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Publication numberUS4816341 A
Publication typeGrant
Application numberUS 06/812,859
Publication dateMar 28, 1989
Filing dateDec 23, 1985
Priority dateDec 29, 1984
Fee statusPaid
Also published asDE3546327A1, DE3546327C2
Publication number06812859, 812859, US 4816341 A, US 4816341A, US-A-4816341, US4816341 A, US4816341A
InventorsMasatoshi Nakayama, Haruyuki Morita, Yuichi Kubota, Keiko Tsuchiya
Original AssigneeTdk Corporation
Export CitationBiBTeX, EndNote, RefMan
External Links: USPTO, USPTO Assignment, Espacenet
Magnetic recording medium
US 4816341 A
Abstract
In a magnetic recording medium comprising a base film and a magnetic layer formed on the base film, the base film has been plasma treated in an atmosphere consisting essentially of an inorganic gas containing N, H, and optionally O at frequencies in the range of 10 to 200 kHz. A perpendicular magnetizable metal thin film layer can be deposited on the plasma-treated surface of a resin substrate having a heat distortion temperature of at least 150 C. without disturbance on the crystal structure of the layer.
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Claims(11)
We claim:
1. A magnetic recording medium comprising:
a base film which has been plasma treated at a frequency of 10 kHz to 200 kHz in an atmosphere consisting essentially of an inorganic gas containing N and H, and;
a magnetic layer formed on said base film.
2. A magnetic recording medium according to claim 1 which further comprises an undercoat layer interposed between the base film and the magnetic layer.
3. A magnetic recording medium comprising:
a base film which has been plasma treated at a frequency of 10 kHz to 200 kHz in an atmosphere consisting essentially of an inorganic gas containing N, H and O, and;
a magnetic layer formed on said base film.
4. A magnetic recording medium according to claim 3 which further comprises an undercoat layer interposed between the base film and the magnetic layer.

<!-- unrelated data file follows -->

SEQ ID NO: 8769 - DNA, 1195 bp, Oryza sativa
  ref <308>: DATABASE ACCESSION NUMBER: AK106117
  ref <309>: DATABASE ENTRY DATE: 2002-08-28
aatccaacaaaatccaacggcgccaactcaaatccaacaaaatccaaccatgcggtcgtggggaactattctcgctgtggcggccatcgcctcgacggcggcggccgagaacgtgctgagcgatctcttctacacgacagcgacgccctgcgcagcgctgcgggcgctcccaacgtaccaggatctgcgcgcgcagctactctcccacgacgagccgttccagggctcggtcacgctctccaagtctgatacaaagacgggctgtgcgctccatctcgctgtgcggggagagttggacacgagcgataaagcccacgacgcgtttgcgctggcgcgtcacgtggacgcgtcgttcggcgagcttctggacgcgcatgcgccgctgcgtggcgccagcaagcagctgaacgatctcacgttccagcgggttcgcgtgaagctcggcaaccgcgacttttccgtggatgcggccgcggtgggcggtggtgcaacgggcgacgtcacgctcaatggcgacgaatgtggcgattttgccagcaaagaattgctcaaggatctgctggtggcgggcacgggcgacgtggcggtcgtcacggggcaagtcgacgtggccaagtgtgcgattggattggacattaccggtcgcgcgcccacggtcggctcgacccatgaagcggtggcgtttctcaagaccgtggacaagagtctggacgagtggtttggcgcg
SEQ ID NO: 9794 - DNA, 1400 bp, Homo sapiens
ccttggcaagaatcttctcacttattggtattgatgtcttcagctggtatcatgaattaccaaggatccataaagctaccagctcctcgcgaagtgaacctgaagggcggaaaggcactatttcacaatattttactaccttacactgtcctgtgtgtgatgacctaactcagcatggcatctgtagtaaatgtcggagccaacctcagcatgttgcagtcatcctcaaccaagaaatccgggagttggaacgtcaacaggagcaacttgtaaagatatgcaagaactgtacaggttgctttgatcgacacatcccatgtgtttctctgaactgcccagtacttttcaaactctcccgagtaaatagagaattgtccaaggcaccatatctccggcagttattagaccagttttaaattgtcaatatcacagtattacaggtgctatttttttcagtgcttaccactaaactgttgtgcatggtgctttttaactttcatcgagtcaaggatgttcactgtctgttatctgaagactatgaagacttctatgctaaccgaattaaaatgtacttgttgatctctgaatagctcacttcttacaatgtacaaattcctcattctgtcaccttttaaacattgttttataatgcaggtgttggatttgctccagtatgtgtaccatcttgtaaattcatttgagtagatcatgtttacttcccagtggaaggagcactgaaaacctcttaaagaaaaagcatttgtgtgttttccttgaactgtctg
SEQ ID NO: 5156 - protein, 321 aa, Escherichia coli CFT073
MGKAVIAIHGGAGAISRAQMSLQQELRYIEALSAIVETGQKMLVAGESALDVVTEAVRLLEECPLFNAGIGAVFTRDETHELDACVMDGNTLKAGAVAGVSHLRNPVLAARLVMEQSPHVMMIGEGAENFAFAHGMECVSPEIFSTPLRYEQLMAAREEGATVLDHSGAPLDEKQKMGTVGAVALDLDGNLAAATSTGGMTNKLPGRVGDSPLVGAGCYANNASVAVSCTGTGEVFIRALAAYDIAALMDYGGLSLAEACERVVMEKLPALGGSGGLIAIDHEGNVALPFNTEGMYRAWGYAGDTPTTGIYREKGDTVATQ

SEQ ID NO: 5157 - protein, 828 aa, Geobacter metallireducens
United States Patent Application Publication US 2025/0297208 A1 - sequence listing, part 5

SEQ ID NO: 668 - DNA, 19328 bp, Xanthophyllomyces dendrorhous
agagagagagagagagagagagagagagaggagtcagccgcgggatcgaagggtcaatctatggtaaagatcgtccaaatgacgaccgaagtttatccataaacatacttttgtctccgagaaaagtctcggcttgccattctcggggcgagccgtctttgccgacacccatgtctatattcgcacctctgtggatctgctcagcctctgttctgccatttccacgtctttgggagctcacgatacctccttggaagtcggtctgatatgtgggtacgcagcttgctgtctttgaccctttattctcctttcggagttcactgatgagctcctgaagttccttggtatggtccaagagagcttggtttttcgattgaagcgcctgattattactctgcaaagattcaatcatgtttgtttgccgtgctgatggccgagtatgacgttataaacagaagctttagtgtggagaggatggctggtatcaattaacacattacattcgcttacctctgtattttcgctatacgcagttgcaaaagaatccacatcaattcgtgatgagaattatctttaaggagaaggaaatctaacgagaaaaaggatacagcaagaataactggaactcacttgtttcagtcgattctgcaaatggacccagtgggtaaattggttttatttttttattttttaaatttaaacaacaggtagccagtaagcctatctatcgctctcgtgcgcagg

5. A magnetic recording medium comprising:
a substrate formed of a resin having a heat distortion temperature of at least 150 C. which has been plasma treated at a frequency of 10 kHz to 200 kHz in an atmosphere consisting essentially of an inorganic gas containing N, H or O, or mixtures thereof, and;
a magnetic layer formed on said substrate.
6. A magnetic recording medium according to claim 5 which further comprises an undercoat layer interposed between the base film and the magnetic layer.
7. A magnetic recording medium according to claim 5 wherein the rsin of which the substrate is formed is one member selected from the group consisting of a polyamide, polyimide, polyphenylene sulfide, polysulfone, all aromatic polyester, polyether ether ketone, polyether sulfone and polyetherimide, and mixtures thereof.
8. A magnetic recording medium according to claim 5 wherein the magnetic layer is a metallic thin film.
9. A magnetic recording medium according to claim 5 wherein the inorganic gas contains oxygen.
10. A magnetic recording medium according to claim 5 wherein the inorganic gas contains N and H.
11. A magnetic recording medium according to claim 5 wherein the inorganic gas contains N, H and O.
Description
BACKGROUND OF THE INVENTION

This invention relates to magnetic recoding media, and more particularly, to magnetic recording media having a base film plasma treated for improved durability.

Several decades have passed since the appearance of megnetic recording media comprising a nonmagnetic substrate and a magnetic layer formed from a magnetic powder of oxide type such as gamma-Fe2 O3 and cobalt-containing gamma-Fe3 O4 and a binder. Recently, for the purpose of further improving recording density, magnetic recording media comprising a magnetic layer formed from a ferromagnetic powder such as Fe, Co, Ni, Fe-Co, Co-Ni, Fe-Co-Ni, Fe-Co-B, Fe-Co-Cr-B, Mn-Bi, Mn-Al, Fe-Co-V, etc. and a binder, and magnetic recording media having a magnetic layer in the form of a vacuum deposited metal film or sputtered metal film were developed and are now of great interest in the art.